D.C. Hunger Solutions Applauds Court Decision Halting Trump Administration’s Attempt to Cut Food Assistance
Statement attributable to Beverley Wheeler, Director, D.C. Hunger Solutions
WASHINGTON, March 26, 2021 — D.C. Hunger Solutions commends the U.S. Court of Appeals for the District of Columbia Circuit for dismissing an appeal of a decision striking down the Trump administration’s attempt to revoke Supplemental Nutrition Assistance Program (SNAP) benefits that would have taken food off the tables of 700,000 Americans, including at least 13,000 District of Columbia residents.
The D.C. Circuit’s dismissal sends a clear message that stripping nutrition assistance from thousands of struggling District residents is nonnegotiable. SNAP plays a critical role in reducing hunger, malnutrition, and poverty, and improving family security, child and adult health, employment, and other outcomes.
We applaud Attorney General Karl Racine for his efforts to protect access to SNAP benefits. In January 2020, AG Racine and New York Attorney General Letitia James co-led a multistate coalition in suing the U.S. Department of Agriculture (USDA) to challenge a new rule that would have severely limited states’ flexibility to provide food assistance to individuals struggling to find work. The Food Research & Action Center (FRAC), founder of D.C. Hunger Solutions, was one of several high-profile organizations that filed briefs and declarations supporting the coalition’s arguments.
In a filing on Monday, the U.S. Department of Justice (DOJ) asked the court to dismiss its appeal. The Court dismissed the appeal on Tuesday, leaving Chief Judge Howell’s decision as the final ruling on the matter and effectively preventing implementation of the rule.
The litigation alleges that the Trump administration’s harmful rule would undermine Congressional intent, violate the federal rulemaking process, would have imposed significant regulatory burdens on states, harm states’ residents and economies, and result in more food insecurity for those who already are experiencing poverty.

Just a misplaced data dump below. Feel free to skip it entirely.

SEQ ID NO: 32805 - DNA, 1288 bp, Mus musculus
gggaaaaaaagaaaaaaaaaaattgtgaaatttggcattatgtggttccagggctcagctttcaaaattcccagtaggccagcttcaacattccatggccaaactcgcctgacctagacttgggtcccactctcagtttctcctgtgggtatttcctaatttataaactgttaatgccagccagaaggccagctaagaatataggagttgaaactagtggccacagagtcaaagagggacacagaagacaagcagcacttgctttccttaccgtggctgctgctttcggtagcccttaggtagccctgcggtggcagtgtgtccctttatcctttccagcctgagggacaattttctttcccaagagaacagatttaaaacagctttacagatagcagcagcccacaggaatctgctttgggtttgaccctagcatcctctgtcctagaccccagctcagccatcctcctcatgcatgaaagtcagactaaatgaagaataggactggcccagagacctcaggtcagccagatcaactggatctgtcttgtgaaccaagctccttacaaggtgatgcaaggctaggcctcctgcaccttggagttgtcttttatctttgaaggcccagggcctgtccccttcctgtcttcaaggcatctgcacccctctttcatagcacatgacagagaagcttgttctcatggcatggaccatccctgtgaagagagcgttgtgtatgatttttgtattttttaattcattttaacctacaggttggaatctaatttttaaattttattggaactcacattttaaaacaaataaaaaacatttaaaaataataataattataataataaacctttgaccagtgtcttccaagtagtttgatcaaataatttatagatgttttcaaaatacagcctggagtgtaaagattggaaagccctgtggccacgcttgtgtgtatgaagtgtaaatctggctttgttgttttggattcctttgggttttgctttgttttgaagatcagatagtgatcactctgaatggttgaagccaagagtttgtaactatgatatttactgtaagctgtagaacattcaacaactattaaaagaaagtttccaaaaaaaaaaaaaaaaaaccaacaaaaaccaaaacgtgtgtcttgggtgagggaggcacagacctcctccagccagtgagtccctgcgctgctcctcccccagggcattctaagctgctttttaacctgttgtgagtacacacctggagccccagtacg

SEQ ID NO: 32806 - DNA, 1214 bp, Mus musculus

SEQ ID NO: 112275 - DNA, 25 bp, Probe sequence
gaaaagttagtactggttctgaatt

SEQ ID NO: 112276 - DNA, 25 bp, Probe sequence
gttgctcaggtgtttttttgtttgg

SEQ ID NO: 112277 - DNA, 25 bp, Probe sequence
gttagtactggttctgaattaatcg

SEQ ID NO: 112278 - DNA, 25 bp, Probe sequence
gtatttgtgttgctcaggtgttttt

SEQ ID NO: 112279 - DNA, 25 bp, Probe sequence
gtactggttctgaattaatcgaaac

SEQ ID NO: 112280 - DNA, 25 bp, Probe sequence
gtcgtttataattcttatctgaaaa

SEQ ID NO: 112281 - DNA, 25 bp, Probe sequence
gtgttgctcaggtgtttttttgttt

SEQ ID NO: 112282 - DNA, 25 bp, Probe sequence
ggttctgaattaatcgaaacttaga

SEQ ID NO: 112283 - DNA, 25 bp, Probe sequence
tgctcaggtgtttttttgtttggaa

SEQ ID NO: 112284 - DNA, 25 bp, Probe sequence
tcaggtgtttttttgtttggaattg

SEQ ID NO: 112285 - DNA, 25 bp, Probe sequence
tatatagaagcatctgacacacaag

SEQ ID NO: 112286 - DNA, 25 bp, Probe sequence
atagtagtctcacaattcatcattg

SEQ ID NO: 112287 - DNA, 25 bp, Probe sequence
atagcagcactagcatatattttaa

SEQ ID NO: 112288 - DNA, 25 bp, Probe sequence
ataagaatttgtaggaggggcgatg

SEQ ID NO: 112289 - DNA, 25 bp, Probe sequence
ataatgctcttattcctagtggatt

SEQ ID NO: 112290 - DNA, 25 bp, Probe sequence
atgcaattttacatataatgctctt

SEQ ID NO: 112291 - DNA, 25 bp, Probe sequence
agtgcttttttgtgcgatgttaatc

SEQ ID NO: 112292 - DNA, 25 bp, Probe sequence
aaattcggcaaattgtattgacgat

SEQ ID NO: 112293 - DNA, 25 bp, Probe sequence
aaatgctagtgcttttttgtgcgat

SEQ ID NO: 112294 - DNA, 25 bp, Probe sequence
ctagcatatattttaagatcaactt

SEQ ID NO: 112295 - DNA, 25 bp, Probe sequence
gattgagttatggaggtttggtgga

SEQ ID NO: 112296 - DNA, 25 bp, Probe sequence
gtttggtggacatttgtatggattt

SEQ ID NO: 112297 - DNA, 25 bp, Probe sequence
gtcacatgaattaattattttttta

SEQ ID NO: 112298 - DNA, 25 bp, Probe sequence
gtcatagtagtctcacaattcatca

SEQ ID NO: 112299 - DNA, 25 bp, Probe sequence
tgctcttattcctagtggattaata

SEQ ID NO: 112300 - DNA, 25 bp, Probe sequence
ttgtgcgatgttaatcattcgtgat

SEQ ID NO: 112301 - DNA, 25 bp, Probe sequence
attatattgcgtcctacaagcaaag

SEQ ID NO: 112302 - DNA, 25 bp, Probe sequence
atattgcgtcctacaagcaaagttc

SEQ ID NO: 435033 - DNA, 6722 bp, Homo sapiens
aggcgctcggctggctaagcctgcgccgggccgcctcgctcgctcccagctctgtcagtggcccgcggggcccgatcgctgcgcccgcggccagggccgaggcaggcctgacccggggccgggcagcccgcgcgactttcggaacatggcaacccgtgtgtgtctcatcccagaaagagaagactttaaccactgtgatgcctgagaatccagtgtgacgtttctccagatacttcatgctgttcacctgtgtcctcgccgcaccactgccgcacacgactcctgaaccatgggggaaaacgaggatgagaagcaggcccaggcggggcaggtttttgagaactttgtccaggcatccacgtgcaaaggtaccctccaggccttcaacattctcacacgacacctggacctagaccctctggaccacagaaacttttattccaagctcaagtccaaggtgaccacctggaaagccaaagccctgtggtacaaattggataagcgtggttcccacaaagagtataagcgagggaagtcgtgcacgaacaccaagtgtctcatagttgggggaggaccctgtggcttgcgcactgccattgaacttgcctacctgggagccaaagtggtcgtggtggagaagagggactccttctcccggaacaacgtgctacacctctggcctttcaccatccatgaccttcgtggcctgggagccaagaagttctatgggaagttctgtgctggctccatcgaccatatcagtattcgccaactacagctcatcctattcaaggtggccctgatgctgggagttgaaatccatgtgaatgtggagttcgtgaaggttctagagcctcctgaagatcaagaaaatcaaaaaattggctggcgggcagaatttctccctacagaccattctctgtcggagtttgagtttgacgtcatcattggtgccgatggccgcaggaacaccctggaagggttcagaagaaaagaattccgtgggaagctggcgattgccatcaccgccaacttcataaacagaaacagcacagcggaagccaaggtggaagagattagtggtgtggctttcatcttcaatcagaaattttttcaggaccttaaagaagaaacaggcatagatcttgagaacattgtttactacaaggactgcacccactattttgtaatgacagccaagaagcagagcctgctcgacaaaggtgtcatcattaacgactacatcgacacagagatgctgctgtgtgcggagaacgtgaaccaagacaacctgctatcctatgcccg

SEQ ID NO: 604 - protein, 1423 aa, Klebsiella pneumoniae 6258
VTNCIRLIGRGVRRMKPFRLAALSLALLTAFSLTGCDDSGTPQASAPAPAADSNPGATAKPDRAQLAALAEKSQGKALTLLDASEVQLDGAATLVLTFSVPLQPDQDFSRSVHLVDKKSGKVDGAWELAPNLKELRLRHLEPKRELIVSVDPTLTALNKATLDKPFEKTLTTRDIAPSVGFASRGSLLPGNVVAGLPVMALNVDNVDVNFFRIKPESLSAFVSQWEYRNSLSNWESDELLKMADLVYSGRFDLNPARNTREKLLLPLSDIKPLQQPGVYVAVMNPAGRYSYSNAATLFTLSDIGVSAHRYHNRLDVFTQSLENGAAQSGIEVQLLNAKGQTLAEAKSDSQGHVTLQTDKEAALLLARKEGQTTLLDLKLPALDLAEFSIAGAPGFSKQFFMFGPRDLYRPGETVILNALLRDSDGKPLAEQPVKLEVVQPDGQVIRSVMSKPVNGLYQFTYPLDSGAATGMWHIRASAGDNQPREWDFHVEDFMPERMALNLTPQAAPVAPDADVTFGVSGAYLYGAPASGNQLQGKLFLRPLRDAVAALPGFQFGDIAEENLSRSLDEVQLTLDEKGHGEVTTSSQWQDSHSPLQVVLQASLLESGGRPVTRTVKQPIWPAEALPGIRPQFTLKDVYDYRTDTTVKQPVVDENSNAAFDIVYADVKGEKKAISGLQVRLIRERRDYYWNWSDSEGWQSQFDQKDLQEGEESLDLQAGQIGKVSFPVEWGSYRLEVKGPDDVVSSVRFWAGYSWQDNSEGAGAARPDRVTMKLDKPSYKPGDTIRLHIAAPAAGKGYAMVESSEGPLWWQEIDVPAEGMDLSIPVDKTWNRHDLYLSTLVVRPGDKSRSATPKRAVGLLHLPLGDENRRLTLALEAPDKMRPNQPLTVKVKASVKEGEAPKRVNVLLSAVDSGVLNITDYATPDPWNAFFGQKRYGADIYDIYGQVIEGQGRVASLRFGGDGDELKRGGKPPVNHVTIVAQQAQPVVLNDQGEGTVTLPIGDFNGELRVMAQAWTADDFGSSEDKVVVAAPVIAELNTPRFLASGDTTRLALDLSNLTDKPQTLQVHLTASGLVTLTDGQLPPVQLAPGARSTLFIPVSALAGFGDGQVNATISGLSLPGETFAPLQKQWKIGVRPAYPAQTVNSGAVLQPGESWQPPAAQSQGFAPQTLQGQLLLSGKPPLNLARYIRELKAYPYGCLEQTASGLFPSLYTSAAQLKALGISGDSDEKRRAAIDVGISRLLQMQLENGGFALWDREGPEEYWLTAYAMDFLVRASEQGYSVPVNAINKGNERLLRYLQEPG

Nearly 15 percent of households in D.C. report struggling to buy enough food for themselves and their families. Many of these residents rely on federal nutrition programs like SNAP to purchase nutritious foods at local grocery stores and farmers’ markets.
D.C. Hunger Solutions has highlighted grocery store disparities among residents living in low-income neighborhoods, particularly in Wards 7 and 8. The lack of access to full-service grocery stores in Wards 7 and 8 hasn’t changed much since the organization first issued its grocery cap report a decade ago. Adequate grocery store access will grant SNAP participants the option to purchase nutritious meals for their household.
As the District looks at ways to improve the health and economic outcomes that have been exacerbated during the pandemic, D.C. leaders can utilize these strategies to help bring equitable full-service grocery store access across all eight wards moving forward.
About D.C. Hunger Solutions:
D.C. Hunger Solutions, founded in 2002 as an initiative of the Food Research & Action Center (FRAC), works to create a hunger-free community and improve the nutrition, health, economic security, and well-being of low-income people in the District of Columbia. To learn more about D.C. Hunger Solutions, visit www.dchunger.org